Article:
- Consider planning for an alternate airport well outside the affected area. Smoke is not unlike other forms of reduced visibility, but its effects can last longer and cover a wider area.
- Be prepared for last-minute TFRs to accommodate aerial firefighting operations. Firefighting teams move quickly, and ATC may need to divert operators or amend routings based on the needs of emergency responders or due to airspace restrictions. Don’t be surprised if some procedures into or out of adjacent airports are impacted by the TFR. Even smaller regional airports can be crowded with the smaller aircraft. For example, the airport in Medford, OR, was recently closed for several hours to allow for servicing smaller firefighting aircraft.
- Be prepared for arrival delays at busier airports. Though overall traffic is lower due to the pandemic, delays are possible at airports around the West Coast – from Seattle, WA to Los Angeles, CA and areas in between.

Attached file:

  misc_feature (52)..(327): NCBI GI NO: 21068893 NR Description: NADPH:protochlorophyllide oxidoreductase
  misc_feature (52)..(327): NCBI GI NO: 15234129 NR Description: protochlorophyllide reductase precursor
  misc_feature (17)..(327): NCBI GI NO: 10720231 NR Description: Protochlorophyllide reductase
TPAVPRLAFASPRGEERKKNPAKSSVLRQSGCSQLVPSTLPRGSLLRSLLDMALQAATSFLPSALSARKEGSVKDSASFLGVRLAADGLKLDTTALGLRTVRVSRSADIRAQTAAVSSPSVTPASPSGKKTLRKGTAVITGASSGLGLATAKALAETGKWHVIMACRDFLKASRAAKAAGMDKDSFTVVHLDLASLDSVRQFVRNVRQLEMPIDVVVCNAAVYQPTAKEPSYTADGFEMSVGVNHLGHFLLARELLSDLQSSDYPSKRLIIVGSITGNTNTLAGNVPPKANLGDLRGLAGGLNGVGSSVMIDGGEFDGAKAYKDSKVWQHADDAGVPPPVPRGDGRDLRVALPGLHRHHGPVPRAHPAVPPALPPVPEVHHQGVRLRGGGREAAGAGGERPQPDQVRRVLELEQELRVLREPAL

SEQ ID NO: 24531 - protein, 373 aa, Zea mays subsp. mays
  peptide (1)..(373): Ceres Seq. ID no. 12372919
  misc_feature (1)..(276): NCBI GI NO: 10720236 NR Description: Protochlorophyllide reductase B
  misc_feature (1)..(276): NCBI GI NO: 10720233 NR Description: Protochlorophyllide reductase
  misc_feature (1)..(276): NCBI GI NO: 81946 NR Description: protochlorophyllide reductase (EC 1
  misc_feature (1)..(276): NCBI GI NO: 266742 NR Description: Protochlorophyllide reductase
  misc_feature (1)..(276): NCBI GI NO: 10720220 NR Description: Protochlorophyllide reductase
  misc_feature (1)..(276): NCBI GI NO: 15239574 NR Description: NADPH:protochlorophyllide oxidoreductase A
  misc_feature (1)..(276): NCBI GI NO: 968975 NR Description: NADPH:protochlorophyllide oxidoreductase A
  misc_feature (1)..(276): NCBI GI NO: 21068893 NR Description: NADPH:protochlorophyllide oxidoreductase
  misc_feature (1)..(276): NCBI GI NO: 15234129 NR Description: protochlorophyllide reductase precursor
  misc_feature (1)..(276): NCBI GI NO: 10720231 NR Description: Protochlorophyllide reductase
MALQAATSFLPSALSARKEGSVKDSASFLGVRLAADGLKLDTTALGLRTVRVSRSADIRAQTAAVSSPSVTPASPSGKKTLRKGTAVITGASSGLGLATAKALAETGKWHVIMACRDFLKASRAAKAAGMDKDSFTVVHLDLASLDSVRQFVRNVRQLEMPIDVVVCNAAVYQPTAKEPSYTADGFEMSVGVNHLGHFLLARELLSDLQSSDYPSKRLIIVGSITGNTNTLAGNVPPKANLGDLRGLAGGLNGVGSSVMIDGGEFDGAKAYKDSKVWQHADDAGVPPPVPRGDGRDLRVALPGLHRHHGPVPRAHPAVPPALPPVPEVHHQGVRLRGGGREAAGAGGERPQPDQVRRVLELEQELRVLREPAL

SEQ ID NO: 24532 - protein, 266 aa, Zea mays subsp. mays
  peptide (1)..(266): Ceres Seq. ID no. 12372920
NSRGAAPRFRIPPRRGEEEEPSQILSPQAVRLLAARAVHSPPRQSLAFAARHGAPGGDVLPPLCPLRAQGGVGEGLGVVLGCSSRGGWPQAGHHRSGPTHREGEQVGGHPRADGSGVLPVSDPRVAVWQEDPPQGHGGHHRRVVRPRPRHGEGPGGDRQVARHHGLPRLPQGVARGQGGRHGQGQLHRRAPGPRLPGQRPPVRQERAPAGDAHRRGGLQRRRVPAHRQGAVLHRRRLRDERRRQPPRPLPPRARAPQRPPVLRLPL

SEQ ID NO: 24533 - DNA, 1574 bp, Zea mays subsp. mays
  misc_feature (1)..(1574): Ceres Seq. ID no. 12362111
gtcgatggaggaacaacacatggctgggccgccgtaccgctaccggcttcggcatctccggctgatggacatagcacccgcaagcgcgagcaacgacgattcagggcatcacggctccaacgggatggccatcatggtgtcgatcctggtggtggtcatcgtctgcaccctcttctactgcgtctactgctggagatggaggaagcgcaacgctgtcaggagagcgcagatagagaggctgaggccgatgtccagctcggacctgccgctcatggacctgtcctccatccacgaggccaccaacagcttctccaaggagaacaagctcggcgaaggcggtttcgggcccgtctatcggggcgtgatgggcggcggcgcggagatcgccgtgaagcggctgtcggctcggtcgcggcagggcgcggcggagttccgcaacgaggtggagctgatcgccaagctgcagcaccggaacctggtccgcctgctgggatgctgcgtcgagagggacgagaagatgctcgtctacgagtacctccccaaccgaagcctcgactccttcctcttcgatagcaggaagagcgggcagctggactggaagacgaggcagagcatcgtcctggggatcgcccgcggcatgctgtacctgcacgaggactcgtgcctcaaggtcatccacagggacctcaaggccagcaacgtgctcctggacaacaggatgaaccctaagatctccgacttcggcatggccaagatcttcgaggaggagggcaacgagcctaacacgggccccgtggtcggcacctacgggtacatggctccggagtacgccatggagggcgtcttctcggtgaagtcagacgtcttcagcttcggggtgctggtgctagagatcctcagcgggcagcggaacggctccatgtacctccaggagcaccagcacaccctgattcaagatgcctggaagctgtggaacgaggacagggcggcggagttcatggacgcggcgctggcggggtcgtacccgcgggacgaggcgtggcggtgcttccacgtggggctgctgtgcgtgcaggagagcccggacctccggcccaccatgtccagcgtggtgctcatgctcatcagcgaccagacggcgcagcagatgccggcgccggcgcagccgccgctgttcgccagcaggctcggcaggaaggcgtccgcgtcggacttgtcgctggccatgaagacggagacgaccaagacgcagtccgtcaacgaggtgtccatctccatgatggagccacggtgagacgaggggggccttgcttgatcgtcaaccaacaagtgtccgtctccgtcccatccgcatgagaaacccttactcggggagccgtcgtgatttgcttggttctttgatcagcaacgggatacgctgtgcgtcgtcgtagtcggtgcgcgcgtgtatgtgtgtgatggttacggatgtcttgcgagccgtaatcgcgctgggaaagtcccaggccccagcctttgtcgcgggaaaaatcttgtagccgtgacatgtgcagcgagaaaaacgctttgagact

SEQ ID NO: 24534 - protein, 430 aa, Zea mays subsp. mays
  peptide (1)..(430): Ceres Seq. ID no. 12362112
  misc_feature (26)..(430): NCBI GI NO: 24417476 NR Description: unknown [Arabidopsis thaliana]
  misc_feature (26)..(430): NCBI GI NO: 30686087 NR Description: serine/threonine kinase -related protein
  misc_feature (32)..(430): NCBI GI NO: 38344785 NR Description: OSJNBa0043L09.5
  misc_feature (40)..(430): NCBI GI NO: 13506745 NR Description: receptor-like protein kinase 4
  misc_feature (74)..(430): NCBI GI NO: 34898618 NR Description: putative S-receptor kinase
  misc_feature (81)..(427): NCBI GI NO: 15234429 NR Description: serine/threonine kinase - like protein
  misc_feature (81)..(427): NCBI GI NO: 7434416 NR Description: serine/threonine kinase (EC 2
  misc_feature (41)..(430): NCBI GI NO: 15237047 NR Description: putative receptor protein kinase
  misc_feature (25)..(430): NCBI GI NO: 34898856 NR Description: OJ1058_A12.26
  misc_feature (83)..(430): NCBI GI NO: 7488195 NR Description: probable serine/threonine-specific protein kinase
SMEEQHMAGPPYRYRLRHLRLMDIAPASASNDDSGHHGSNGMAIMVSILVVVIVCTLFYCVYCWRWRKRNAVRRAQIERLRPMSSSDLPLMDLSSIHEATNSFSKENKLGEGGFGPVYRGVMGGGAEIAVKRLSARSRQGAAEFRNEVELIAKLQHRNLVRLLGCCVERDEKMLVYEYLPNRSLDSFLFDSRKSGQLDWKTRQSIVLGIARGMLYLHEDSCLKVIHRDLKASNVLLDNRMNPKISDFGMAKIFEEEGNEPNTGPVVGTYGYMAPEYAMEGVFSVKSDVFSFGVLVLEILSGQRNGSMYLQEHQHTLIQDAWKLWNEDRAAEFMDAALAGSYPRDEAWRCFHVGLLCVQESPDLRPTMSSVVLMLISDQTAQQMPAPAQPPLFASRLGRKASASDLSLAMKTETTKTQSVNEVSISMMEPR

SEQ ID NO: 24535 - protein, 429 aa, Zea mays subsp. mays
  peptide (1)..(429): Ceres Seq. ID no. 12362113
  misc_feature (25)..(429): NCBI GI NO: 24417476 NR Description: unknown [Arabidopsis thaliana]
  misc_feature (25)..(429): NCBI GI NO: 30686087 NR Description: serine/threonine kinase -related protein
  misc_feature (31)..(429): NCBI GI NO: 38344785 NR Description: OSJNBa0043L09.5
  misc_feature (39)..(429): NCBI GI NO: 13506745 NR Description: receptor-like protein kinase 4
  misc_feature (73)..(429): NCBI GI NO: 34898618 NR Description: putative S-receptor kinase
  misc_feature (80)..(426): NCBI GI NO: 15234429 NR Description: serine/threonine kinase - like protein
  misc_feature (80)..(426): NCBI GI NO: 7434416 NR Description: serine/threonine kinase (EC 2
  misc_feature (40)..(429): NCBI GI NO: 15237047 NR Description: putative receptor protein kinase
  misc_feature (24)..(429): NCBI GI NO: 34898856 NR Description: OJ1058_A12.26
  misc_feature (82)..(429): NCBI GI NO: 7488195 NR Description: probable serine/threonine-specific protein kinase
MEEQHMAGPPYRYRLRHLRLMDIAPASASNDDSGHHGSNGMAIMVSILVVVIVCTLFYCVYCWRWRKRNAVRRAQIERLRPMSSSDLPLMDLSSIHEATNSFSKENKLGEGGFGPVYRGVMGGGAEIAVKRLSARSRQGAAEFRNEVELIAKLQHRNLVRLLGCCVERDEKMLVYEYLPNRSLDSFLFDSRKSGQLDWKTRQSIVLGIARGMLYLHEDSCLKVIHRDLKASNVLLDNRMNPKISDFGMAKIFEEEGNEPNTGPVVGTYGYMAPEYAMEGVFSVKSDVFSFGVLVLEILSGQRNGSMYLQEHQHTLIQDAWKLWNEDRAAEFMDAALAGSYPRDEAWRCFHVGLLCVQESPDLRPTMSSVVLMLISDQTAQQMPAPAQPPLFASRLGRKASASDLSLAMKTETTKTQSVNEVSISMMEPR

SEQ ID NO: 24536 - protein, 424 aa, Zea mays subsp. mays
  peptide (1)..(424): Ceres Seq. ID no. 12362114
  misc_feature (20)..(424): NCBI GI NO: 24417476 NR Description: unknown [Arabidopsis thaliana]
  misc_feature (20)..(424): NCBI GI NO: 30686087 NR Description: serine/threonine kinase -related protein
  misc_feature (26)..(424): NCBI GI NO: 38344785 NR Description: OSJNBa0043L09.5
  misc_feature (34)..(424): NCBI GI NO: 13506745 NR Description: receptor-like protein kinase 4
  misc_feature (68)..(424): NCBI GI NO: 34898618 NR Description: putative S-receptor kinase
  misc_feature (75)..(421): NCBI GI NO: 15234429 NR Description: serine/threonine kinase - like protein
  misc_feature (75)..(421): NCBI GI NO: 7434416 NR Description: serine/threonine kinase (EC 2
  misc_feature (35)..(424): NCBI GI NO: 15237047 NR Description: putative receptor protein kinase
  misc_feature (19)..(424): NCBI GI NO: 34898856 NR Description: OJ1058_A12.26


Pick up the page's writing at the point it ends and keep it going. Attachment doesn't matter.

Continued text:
- Beware of reports of marginal VFR. Smoke reduces slant-range visibility, so even when weather is technically VFR, it can take longer for a pilot to visually locate the destination airport. Controllers may revert to separation standards closer to IFR, which can clog arrivals and departures.
- Check in with your destination FBO for a detailed overview of how fires have affected local infrastructure. The airport may be operational, but roads, hotels, restaurants – even the fuel supply at the FBO, itself – could be compromised by the fires. The FBO is your best “boots on the ground” source of information.
Villegas also cautioned to plan ahead, as next year’s fire season is forecast to be as bad or worse, and we can’t count on the “benefit” of this season’s lower traffic due to the Covid-19 pandemic.